Block on Trump's Asylum Ban Upheld by Supreme Court
In June, the Fifth Circuit Court of Appeals heard arguments in an appeal regarding whether the Louisiana State Board of Embalmers and Funeral Directors could stop a group of monks in Covington from making and selling caskets.
Though more than four months have passed since oral arguments, this case won’t be laid to rest quite yet. Tuesday, the appellate court asked the Louisiana Supreme Court to decide if the Board can set the state rules of casket sales.
Before Hurricane Katrina, the St. Joseph Abbey monks in Covington, La. paid for their living costs through timber from a pine forest on the abbey's property, reports Businessweek. When the storm destroyed the forest in 2005, the monks began selling handmade caskets.
The State Board of Embalmers and Funeral Directors opposed the Abbey's casket-selling plan, arguing that, under state law, intrastate sales of caskets to the public may be made only by a state-licensed funeral director and only at a state-licensed funeral home. Since the Abbey offers no funeral services, the Board says that the Abbey's casket sales run afoul of the law.
Louisiana law doesn't actually require a person to be buried in a casket, but the Louisiana Embalming and Funeral Directors Act makes it illegal for anyone to conduct the business of funeral directing or to engage in the business of funeral directing without first getting licensed as a licensed funeral establishment. The "business of funeral directing" includes casket sales.
Last year, District Judge Stanwood Duvall ruled that the license requirement violated the Due Process Clause and the Equal Protection Clause of the U.S. Constitution.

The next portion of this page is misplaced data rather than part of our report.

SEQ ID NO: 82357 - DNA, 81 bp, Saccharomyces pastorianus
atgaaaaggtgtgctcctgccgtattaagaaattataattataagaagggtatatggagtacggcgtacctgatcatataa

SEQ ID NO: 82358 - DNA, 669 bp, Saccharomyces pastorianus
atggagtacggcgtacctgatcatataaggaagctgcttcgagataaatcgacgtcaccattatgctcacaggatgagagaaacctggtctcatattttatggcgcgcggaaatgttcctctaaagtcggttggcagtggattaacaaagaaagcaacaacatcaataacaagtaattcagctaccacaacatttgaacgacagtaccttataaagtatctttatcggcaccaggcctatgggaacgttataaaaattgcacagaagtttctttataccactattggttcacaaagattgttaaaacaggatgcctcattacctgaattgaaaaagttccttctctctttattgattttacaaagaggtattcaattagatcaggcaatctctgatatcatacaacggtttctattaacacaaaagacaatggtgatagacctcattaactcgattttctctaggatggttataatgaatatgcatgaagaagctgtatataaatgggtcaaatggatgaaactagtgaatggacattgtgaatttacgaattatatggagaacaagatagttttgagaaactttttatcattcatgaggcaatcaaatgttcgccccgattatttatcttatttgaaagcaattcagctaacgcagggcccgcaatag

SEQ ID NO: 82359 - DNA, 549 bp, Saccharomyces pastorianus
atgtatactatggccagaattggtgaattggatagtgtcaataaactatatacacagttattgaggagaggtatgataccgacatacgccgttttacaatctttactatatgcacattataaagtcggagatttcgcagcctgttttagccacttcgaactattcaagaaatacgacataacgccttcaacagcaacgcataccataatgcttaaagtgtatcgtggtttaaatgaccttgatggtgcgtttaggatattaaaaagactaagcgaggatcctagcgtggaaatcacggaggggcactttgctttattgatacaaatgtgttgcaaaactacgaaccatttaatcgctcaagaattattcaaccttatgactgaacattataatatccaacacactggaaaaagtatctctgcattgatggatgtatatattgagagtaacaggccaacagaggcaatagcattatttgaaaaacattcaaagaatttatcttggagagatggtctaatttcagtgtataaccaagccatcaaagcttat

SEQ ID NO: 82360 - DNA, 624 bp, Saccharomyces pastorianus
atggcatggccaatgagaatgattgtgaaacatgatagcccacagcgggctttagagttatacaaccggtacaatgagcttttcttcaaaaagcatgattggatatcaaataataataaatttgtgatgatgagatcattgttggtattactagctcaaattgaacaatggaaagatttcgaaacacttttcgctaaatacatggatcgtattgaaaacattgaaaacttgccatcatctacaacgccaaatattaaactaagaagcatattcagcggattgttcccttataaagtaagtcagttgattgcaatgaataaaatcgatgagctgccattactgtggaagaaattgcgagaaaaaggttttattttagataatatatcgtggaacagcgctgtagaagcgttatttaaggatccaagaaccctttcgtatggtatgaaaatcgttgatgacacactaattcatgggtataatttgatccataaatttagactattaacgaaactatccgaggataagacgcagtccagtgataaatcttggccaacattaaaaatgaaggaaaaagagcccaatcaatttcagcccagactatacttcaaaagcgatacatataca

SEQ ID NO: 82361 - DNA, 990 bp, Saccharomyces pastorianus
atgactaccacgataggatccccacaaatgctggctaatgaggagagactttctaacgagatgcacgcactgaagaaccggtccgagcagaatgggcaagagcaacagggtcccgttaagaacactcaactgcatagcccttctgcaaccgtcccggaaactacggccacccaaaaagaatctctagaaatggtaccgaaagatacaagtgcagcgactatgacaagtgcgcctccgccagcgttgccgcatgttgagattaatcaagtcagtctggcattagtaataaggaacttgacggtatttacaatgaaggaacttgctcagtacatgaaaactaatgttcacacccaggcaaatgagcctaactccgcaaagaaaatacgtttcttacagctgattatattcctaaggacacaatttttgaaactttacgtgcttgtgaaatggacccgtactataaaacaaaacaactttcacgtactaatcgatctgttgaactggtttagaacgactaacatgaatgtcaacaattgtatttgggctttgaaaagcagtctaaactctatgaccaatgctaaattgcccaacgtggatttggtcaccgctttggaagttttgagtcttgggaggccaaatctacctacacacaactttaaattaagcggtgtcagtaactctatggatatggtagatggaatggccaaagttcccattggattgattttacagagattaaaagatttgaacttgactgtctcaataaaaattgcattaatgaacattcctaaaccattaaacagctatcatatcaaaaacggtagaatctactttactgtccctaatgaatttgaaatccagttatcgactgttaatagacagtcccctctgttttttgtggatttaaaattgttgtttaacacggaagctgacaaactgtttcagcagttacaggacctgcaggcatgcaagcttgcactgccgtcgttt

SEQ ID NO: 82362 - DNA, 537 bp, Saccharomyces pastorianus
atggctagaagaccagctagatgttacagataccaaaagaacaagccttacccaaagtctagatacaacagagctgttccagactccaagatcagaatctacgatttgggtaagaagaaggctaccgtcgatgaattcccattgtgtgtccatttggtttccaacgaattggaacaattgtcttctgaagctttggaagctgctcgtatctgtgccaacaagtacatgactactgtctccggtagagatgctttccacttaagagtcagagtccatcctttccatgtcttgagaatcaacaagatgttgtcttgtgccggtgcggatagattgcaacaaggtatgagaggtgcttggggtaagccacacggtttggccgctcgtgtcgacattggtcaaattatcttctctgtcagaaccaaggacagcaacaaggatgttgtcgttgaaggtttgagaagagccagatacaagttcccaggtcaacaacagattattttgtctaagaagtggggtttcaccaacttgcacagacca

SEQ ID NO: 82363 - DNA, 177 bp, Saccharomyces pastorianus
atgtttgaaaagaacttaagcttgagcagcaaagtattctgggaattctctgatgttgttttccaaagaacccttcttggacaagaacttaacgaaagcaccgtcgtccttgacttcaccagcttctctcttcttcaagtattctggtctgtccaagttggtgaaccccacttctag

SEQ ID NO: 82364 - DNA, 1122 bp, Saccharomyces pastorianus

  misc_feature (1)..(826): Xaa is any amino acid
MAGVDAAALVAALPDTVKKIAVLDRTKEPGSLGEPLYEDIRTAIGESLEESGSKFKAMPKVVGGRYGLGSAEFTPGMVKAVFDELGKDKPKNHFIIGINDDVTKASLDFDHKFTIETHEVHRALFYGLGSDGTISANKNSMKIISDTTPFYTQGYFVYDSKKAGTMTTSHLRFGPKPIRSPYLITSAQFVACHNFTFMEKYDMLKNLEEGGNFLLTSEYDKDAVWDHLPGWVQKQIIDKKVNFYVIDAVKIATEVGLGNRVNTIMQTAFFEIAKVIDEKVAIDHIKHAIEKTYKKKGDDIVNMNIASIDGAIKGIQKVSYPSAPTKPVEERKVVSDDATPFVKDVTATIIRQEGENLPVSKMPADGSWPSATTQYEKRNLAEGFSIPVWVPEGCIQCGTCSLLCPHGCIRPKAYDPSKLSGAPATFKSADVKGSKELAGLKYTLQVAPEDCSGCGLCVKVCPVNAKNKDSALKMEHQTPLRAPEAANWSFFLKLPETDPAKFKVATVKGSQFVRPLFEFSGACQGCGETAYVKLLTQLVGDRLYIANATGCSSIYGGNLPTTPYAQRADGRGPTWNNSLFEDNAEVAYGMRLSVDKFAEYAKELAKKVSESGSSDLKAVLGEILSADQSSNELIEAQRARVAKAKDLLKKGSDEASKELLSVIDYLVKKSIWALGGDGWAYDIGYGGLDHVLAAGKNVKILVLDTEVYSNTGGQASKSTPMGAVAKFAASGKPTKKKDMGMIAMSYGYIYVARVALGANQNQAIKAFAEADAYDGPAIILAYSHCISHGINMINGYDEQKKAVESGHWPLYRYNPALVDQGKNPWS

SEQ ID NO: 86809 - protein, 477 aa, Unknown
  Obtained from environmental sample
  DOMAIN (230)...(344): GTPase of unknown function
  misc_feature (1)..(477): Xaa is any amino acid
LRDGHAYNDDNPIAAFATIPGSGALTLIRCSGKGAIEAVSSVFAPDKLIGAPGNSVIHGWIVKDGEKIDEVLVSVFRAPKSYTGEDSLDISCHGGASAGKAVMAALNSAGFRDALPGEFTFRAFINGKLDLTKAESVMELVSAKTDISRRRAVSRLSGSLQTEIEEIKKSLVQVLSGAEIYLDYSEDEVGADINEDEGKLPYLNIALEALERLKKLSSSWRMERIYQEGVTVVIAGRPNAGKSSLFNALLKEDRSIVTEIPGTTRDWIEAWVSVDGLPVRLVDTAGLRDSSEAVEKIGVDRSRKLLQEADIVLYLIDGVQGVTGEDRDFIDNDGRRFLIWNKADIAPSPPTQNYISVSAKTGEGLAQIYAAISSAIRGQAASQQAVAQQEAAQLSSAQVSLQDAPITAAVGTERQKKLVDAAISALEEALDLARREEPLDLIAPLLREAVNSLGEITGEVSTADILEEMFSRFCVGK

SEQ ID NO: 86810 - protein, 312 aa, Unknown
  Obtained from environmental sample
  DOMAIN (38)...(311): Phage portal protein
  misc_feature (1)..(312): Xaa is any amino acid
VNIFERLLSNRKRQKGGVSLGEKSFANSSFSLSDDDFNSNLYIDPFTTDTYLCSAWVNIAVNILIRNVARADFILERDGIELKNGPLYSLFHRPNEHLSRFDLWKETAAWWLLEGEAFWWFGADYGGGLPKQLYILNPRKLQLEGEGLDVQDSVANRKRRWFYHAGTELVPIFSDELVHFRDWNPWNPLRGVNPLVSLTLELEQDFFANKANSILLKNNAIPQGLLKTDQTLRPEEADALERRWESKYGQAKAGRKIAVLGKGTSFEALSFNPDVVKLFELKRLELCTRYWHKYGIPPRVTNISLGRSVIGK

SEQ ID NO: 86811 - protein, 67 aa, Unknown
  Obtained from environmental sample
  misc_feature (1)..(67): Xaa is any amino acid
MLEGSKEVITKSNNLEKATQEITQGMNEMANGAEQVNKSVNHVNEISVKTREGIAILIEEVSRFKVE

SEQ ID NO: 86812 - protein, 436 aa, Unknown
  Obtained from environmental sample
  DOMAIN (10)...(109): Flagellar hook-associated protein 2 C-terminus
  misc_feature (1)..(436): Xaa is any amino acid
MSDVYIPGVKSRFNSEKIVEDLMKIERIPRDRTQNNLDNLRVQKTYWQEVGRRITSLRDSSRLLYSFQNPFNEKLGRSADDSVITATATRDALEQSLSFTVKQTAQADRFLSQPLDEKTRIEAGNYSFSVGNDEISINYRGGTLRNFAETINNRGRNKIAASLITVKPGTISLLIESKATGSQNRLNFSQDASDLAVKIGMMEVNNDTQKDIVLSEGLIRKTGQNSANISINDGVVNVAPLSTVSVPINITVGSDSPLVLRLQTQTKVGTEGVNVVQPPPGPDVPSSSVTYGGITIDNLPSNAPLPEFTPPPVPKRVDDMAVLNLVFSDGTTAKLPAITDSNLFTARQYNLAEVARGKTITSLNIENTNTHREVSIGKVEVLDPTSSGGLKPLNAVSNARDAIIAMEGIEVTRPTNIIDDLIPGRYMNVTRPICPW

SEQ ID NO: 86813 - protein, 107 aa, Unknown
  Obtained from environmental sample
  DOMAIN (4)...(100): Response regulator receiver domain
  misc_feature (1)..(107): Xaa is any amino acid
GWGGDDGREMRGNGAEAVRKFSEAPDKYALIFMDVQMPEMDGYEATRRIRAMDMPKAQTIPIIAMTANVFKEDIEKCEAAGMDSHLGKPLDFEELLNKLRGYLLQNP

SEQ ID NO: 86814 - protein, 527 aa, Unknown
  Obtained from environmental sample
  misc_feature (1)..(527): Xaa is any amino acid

In the opinion, Judge Duvall wrote, "There is no rational basis for the State of Louisiana to require persons who seek to enter into the retailing of caskets to undergo the training and expense necessary to comply with these rules. Simply put there is nothing in the licensing procedures that bestows any benefit to the public in the context of the retail sale of caskets. The license has no bearing on the manufacturing and sale of coffins. It appears that the sole reason for these laws is the economic protection of the funeral industry which reason the Court has previously found not to be a valid government interest standing alone to provide a constitutionally valid reason for these provisions."
The Board appealed.
Now, the Fifth Circuit is asking the Louisiana Supreme Court to clarify whether Louisiana law gives the Louisiana State Board of Embalmers and Funeral Directors authority to regulate casket sales by a retailer who does not provide any other funeral services
The good news for the monks is that it seems they will win either way: The Fifth Circuit panel expressed "doubt that a rational relationship exists between public health and safety and restricting intrastate casket sales to funeral directors."
The question now is whether the court will strike the law based on the Board's lack of authority or on constitutional grounds.
Even in the Supreme Court, our money's on the monks in this case. After all, what judge wants to rule against a monk and risk heading to hell in a hand(made) casket?
(Editor's Note: This post has been updated to note the panel's rational relationship reservations.)